His administration has the power to issue executive orders or new rules, options that Obama is likely to consider in combination with possible new laws.

The National Rifle Association, the largest U.S. gun rights group with 4 million supporters, relies largely on its ability to influence lawmakers in order to block legislation.

Obama’s appointees at the U.S. Justice Department have been studying ideas since the January 8, 2011, shooting of U.S. Representative Gabrielle Giffords of Arizona and 18 others at a public meeting. Giffords survived but six people died.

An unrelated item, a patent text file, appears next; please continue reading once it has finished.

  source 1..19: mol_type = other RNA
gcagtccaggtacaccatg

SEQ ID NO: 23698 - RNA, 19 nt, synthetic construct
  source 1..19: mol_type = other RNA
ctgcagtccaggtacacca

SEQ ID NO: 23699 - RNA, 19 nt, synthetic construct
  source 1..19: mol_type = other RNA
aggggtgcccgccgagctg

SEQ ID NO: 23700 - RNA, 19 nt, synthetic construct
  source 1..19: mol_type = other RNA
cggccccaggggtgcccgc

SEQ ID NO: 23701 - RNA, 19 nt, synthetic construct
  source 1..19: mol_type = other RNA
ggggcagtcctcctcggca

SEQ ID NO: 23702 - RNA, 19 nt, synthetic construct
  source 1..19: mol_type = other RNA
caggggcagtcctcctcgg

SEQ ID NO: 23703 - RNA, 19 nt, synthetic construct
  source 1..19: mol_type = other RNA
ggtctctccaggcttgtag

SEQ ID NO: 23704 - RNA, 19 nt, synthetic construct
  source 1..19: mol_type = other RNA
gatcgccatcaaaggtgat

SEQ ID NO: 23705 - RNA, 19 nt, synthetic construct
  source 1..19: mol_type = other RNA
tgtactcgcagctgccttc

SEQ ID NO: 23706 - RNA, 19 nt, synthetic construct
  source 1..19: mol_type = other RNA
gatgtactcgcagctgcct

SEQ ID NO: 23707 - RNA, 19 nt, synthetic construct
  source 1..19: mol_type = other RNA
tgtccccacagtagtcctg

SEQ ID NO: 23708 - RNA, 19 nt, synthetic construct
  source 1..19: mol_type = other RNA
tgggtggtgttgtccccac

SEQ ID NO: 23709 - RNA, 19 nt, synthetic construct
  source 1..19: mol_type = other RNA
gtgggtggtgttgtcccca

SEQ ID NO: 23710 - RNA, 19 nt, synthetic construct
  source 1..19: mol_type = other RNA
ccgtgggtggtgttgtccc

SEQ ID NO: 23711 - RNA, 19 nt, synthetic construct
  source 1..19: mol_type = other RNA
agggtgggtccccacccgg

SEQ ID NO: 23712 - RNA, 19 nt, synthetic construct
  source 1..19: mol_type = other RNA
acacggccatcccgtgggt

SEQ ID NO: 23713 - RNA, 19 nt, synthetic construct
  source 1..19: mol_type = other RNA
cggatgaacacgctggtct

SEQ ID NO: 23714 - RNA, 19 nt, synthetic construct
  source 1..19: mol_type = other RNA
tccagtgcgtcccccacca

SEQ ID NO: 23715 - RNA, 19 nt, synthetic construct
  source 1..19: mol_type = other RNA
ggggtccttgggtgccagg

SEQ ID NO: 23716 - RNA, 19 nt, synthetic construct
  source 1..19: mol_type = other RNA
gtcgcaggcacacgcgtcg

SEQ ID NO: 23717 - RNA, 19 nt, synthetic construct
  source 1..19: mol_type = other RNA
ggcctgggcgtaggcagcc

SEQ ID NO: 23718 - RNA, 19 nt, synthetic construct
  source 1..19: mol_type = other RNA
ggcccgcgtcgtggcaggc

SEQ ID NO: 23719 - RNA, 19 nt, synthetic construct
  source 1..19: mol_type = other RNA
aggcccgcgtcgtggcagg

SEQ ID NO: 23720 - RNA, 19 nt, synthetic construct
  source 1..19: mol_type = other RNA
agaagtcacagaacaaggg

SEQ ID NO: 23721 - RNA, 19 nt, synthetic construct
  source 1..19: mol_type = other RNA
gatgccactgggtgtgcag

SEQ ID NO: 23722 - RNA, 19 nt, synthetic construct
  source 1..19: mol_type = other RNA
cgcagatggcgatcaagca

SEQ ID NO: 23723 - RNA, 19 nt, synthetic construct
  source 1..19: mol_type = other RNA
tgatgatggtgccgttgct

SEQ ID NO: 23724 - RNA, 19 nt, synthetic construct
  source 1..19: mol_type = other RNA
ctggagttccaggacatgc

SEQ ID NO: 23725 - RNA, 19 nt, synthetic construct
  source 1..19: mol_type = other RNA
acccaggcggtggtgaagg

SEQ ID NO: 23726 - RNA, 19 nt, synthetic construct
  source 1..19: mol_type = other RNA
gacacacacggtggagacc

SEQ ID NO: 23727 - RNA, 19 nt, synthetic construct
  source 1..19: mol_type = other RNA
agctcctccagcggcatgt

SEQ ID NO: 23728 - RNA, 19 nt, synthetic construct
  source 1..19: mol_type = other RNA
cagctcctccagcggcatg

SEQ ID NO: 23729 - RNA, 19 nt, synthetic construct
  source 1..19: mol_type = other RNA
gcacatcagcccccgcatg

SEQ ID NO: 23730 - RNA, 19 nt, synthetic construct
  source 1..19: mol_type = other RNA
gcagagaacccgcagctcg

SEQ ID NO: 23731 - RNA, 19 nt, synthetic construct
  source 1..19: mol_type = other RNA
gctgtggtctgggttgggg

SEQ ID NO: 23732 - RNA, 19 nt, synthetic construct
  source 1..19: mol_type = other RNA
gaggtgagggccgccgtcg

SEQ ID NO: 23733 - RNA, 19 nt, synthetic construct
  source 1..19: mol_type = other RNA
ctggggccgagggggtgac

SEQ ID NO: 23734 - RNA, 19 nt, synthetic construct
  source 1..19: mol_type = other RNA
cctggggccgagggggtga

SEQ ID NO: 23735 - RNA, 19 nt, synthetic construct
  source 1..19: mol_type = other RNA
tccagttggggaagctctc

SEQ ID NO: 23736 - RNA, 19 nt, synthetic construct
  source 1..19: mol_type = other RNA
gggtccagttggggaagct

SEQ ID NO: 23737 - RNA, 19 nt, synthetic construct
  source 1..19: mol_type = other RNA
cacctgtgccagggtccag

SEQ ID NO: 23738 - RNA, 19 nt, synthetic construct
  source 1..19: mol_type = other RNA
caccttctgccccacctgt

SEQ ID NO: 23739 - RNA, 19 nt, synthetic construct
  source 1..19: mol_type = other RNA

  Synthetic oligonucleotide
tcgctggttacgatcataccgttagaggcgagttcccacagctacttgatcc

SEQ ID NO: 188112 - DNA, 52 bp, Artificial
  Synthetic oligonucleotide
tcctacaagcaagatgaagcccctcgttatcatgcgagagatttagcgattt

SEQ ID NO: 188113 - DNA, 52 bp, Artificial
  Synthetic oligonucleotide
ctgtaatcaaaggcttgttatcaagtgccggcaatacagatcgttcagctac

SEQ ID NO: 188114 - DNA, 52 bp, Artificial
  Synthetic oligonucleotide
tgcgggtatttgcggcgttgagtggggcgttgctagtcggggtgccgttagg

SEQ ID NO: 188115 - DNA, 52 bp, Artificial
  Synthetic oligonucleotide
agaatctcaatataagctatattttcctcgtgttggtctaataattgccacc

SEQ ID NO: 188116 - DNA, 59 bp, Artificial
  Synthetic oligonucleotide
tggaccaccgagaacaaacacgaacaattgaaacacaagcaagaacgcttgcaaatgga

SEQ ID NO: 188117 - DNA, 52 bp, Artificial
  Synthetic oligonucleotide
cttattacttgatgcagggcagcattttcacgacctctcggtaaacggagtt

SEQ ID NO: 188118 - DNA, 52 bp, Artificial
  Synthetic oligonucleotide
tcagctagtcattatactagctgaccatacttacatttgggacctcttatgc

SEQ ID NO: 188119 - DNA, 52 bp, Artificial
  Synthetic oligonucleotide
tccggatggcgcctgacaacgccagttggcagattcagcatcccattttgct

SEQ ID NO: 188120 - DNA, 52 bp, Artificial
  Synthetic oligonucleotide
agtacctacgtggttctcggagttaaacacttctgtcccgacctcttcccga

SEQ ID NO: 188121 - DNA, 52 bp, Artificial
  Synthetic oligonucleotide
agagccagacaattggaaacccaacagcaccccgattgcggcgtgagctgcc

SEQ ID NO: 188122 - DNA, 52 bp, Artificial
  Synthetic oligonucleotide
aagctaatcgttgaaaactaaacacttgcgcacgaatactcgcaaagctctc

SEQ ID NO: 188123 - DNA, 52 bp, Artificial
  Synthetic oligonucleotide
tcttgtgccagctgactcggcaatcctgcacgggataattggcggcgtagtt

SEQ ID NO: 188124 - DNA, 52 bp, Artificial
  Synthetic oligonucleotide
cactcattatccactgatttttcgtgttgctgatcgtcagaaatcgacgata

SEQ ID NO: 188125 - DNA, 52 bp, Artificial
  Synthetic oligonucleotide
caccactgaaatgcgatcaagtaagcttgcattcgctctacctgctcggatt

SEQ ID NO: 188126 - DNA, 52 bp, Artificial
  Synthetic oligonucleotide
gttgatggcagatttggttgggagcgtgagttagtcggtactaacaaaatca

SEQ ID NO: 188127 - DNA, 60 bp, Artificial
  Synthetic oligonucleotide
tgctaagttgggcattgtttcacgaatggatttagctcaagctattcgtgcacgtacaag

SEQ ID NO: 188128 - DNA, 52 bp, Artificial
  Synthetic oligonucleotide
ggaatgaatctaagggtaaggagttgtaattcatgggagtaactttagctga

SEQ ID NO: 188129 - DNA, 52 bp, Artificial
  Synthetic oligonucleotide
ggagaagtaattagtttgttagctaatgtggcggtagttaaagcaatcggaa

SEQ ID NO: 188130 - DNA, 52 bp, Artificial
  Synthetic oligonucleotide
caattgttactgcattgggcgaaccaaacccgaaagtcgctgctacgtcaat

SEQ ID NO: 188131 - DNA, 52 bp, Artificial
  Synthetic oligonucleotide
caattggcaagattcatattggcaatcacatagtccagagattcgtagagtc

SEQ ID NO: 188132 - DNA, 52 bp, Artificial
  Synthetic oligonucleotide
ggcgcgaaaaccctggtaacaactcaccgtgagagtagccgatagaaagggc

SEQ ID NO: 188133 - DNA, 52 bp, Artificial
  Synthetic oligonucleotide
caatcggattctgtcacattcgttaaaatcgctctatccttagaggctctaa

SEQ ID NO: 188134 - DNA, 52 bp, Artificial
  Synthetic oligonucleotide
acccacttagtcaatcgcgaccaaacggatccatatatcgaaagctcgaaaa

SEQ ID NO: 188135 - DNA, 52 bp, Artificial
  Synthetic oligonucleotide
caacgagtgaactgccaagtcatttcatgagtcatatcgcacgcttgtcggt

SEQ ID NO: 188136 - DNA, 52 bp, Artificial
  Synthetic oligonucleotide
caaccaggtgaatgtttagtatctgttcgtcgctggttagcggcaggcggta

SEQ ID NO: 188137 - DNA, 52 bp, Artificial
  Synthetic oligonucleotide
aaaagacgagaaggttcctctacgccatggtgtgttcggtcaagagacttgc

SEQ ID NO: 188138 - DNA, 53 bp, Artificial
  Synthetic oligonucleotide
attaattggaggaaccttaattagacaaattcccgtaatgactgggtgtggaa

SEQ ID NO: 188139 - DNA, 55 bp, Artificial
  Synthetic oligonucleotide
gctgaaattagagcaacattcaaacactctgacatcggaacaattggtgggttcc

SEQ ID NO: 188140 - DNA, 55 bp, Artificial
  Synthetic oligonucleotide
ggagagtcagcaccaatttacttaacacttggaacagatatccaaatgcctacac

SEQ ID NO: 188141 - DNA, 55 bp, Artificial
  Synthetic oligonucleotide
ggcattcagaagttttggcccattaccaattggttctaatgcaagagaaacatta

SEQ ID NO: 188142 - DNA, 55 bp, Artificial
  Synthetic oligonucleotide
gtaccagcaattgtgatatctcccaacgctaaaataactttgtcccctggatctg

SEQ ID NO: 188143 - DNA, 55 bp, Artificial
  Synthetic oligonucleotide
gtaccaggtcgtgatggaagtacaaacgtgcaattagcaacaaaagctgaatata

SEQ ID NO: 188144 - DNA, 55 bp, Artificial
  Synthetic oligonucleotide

Christopher Schroeder, who ran the Justice Department’s review, said it looked at possible legislation to send to Congress as well as action the administration could take itself.

“You always look at both, because if you can do it administratively it’s certainly a less involved process,” said Schroeder, who has since returned to a professorship at Duke Law School.

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